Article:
Burdock Root
A Weed, Velcro or A Wonder Herb

Burdock the modern herb is a root in the shape of a carrot derived from the plant Arctium lappa (also its Latin name). This wonder herb's seed when crushed goes on to form a tincture that helps a great deal in purifying the blood and acting as a time–honored liver tonic.

The volatile oils of this herb are considered an effective diuretic helping body sweat to help in the elimination and neutralization of body toxins. This proves to be highly helpful with herbal practitioners in treating flu, gallstones, and liver issues and also helping the kidneys to sieve the bloodstream of acids. The Chinese believe this herb to be an active aphrodisiac (something that aids in treating sterility and impotency). There is also a school of thought that believes the root to be edible and its leaf being extremely good in skin breakouts.

This herb is also famously known with the following names: Arctium lappa (great burdock), Arctium Minus, Cocklebur, Gobo Root, Clot Bur, Burr Seed.

This biennial herb is also grown in Europe and China. This herb is commonly found in meadows and waste areas of the Eastern Central US, in the far south regions of Tennessee, and also in Canada. This herb is also known as Cocklebur, a prickly seeded wild plant.

In the first year of growth it grows out with large leaves resembling elephant ears with basal leaves onto the ground. During the second year of growth (generally during summer) it stems up into white, purple or pink flowers and ripens taking the form of prickly balls growing up to an inch in diameter. It is worth mentioning though, that the ripened seeds cling on to clothing and animal fur making it hard to set apart.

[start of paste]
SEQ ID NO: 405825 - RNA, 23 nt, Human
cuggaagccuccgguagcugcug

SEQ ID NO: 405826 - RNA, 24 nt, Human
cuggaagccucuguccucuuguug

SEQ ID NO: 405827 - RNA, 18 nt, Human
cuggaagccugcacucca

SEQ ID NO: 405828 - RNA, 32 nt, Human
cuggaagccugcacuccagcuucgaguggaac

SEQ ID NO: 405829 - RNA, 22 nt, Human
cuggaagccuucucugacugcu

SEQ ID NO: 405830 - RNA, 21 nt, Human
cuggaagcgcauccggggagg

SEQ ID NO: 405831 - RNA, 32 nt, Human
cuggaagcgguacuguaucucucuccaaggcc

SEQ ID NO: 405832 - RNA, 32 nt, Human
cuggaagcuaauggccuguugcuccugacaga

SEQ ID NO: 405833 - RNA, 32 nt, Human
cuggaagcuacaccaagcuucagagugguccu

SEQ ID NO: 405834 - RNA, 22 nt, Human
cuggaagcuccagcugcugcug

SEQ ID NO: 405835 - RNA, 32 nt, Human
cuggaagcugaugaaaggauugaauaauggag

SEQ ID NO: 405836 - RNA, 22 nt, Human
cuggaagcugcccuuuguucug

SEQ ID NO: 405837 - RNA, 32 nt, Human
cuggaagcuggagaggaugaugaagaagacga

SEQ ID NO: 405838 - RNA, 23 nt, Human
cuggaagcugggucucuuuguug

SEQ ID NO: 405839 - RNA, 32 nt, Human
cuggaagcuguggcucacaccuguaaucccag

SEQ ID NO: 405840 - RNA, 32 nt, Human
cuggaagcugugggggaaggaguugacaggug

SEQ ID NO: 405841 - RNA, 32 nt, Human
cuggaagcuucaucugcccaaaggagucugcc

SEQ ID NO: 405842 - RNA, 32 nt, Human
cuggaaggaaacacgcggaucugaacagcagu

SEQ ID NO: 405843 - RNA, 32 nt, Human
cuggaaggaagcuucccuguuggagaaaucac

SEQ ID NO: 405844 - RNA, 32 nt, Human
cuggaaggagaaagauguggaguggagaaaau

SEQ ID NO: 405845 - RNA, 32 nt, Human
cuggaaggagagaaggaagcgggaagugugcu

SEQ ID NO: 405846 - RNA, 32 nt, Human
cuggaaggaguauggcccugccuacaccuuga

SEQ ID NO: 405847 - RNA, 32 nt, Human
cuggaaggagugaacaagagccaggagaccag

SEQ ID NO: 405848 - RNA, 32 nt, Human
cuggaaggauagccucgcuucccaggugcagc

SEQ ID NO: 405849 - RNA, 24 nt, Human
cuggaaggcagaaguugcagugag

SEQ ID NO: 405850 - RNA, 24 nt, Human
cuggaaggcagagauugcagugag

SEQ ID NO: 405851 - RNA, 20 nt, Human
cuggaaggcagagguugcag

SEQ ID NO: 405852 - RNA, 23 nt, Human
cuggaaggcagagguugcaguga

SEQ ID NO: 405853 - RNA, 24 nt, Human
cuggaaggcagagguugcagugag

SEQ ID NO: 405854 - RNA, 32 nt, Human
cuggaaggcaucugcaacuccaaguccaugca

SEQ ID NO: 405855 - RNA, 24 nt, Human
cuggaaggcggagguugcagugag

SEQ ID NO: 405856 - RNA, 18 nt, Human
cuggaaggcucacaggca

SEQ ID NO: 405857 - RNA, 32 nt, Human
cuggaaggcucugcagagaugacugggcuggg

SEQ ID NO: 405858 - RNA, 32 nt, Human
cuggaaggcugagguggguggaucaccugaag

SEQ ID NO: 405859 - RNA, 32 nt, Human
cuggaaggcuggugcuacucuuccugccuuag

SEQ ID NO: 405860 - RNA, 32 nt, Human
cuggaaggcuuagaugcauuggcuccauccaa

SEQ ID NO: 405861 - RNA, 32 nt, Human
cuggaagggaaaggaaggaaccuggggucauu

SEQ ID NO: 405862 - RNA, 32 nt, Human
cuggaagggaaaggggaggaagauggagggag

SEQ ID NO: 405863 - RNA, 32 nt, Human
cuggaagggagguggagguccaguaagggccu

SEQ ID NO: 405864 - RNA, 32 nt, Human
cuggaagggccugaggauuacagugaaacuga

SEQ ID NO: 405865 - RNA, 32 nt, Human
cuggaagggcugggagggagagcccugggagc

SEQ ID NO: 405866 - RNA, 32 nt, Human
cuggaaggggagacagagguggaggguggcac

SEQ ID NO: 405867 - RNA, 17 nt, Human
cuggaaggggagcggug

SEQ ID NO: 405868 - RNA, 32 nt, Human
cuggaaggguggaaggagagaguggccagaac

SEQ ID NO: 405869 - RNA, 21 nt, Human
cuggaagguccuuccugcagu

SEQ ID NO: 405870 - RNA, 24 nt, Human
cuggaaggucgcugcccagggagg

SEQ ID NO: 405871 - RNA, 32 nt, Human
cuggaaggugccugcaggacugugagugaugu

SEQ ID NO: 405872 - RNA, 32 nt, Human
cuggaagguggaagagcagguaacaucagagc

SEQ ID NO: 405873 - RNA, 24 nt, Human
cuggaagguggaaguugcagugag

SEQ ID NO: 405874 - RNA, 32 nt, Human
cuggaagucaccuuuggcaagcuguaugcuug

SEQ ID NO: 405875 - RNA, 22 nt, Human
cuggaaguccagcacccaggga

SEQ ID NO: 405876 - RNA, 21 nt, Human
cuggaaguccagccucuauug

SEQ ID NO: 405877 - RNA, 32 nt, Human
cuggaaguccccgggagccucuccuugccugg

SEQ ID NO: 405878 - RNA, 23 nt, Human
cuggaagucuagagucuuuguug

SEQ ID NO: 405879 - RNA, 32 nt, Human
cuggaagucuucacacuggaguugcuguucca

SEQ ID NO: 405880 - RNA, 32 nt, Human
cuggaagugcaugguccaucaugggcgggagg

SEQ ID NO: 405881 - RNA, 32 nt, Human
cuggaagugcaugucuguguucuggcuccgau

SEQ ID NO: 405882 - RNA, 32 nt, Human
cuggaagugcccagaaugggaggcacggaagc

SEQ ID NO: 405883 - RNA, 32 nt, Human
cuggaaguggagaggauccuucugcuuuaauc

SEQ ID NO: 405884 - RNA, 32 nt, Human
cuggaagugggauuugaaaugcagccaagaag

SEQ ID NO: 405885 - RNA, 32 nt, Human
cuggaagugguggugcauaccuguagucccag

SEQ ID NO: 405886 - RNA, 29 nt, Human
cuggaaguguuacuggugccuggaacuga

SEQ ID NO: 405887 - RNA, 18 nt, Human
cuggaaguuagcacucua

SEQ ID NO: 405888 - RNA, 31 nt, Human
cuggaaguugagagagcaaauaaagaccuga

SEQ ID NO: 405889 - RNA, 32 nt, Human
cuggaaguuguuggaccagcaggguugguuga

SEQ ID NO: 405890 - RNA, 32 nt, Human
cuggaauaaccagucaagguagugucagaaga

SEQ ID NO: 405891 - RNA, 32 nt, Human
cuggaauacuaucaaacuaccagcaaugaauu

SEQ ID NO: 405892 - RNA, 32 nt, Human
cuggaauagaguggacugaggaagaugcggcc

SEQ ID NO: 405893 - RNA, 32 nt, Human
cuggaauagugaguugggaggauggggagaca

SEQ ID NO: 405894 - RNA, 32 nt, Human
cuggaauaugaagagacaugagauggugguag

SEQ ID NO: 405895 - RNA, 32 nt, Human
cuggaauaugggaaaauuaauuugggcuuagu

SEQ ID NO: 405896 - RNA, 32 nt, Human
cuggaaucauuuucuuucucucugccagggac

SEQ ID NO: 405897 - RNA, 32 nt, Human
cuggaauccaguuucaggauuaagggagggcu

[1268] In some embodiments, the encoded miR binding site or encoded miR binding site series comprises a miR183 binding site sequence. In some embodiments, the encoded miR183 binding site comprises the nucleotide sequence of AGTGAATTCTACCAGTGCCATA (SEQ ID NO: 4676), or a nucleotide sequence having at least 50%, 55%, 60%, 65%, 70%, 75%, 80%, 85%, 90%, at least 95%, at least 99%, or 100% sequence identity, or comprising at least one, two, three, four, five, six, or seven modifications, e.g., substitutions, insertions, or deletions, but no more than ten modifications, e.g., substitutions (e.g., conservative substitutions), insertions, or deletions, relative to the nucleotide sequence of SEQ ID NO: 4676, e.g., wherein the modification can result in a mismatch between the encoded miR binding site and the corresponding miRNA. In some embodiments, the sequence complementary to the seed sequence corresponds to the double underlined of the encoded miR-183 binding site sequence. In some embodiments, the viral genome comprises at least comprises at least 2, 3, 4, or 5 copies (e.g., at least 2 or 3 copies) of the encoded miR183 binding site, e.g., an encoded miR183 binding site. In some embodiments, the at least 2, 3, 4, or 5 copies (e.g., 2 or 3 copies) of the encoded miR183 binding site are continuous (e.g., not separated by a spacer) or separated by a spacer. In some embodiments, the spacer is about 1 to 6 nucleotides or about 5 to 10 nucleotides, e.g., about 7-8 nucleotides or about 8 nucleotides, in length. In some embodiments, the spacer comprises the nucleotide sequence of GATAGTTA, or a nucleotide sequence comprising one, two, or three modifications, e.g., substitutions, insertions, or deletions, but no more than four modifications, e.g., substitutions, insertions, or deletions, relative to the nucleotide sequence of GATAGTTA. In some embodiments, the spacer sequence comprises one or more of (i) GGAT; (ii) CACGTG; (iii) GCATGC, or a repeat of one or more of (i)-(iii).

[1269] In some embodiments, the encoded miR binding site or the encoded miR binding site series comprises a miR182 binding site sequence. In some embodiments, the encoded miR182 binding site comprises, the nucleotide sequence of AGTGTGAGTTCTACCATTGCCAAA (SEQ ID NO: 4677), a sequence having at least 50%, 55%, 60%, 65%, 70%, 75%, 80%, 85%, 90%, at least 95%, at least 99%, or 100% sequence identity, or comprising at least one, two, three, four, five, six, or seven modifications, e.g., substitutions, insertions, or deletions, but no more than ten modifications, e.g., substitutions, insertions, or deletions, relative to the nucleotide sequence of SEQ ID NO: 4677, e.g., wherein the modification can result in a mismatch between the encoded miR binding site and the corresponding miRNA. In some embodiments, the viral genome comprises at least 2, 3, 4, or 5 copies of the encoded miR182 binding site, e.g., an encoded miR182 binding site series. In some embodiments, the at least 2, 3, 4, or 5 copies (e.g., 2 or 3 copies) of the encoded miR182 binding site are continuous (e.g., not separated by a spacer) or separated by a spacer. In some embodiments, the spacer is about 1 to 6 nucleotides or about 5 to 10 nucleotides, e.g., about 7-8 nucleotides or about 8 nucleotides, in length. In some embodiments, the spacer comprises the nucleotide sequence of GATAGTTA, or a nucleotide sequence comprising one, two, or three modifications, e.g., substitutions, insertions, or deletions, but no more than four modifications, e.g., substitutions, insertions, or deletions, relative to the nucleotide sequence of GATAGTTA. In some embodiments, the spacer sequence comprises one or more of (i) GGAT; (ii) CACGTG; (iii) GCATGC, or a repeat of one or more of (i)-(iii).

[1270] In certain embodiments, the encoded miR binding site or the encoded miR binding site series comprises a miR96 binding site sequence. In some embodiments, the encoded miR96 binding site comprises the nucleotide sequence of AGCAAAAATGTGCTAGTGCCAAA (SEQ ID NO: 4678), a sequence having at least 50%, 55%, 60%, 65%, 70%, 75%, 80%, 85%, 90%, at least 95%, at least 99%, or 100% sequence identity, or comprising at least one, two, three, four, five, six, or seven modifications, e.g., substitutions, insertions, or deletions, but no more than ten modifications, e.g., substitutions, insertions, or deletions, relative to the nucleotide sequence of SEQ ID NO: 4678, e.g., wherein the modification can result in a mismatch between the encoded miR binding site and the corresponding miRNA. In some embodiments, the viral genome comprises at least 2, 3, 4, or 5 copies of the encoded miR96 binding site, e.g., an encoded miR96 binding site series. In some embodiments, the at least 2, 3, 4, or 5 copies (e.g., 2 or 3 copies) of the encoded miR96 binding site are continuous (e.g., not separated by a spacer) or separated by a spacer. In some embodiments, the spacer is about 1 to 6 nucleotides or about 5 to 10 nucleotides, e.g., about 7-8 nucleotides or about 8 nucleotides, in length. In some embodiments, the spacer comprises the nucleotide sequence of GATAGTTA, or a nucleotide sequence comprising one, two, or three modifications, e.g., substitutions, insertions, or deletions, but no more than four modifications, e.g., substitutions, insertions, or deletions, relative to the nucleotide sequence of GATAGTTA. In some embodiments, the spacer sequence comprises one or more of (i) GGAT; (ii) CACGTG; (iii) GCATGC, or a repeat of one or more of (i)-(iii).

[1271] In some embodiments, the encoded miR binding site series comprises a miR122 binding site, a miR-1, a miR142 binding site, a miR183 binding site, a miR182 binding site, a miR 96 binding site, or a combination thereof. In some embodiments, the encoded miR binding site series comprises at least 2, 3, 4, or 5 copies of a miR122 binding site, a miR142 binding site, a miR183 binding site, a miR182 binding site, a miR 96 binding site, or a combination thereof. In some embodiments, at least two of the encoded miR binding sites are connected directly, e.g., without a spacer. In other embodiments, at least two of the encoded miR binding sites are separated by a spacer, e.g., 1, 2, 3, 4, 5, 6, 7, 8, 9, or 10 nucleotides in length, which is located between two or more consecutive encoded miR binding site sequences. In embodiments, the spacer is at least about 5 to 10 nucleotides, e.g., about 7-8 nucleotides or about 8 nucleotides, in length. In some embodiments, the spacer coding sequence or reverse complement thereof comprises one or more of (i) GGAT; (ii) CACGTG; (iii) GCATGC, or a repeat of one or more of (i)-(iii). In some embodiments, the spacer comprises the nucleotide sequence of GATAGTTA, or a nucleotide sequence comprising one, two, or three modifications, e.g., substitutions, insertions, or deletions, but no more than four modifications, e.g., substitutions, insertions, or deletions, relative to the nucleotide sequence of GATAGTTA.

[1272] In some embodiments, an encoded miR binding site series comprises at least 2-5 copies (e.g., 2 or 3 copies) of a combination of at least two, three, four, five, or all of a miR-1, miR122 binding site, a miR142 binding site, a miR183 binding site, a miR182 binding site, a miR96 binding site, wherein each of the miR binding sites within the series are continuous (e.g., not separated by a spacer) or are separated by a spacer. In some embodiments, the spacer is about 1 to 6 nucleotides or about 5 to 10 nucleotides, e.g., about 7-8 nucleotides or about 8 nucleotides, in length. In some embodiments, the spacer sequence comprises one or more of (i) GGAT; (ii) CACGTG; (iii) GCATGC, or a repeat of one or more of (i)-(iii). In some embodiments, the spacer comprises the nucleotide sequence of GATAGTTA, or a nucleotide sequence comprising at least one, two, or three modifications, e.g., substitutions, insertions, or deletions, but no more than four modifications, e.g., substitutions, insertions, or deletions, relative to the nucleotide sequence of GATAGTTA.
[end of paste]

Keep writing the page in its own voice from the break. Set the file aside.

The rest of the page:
So let us quickly browse through the uses of this herb – the roots are said to contain polyacetylenes in other words phytochemicals that destroys certain types of fungi and bacteria namely UTIs, ringworm, and acne, not to mention the antibacterial effects that speeds up wound healing and helps treating ulcers. Chinese and Indian natural healers look up to this herb as a decongestant caused by flu, cold or fever. Studies have supported the root to be effective in cancer treatment too. Recent studies support the same revealing the presence of the chemical arctigenin this herb that does indeed help slowing down the progression of tumor growth.

In a nutshell, Burdock seems to be having some kind of remedy for almost everyone and every condition. However, it would be advisable in taking precautions with the intake of the herb, particularly for those of you with aberrant blood sugar levels. Most importantly pregnant women are advised from staying away from the herb as it is believed to bring about uterine contractions

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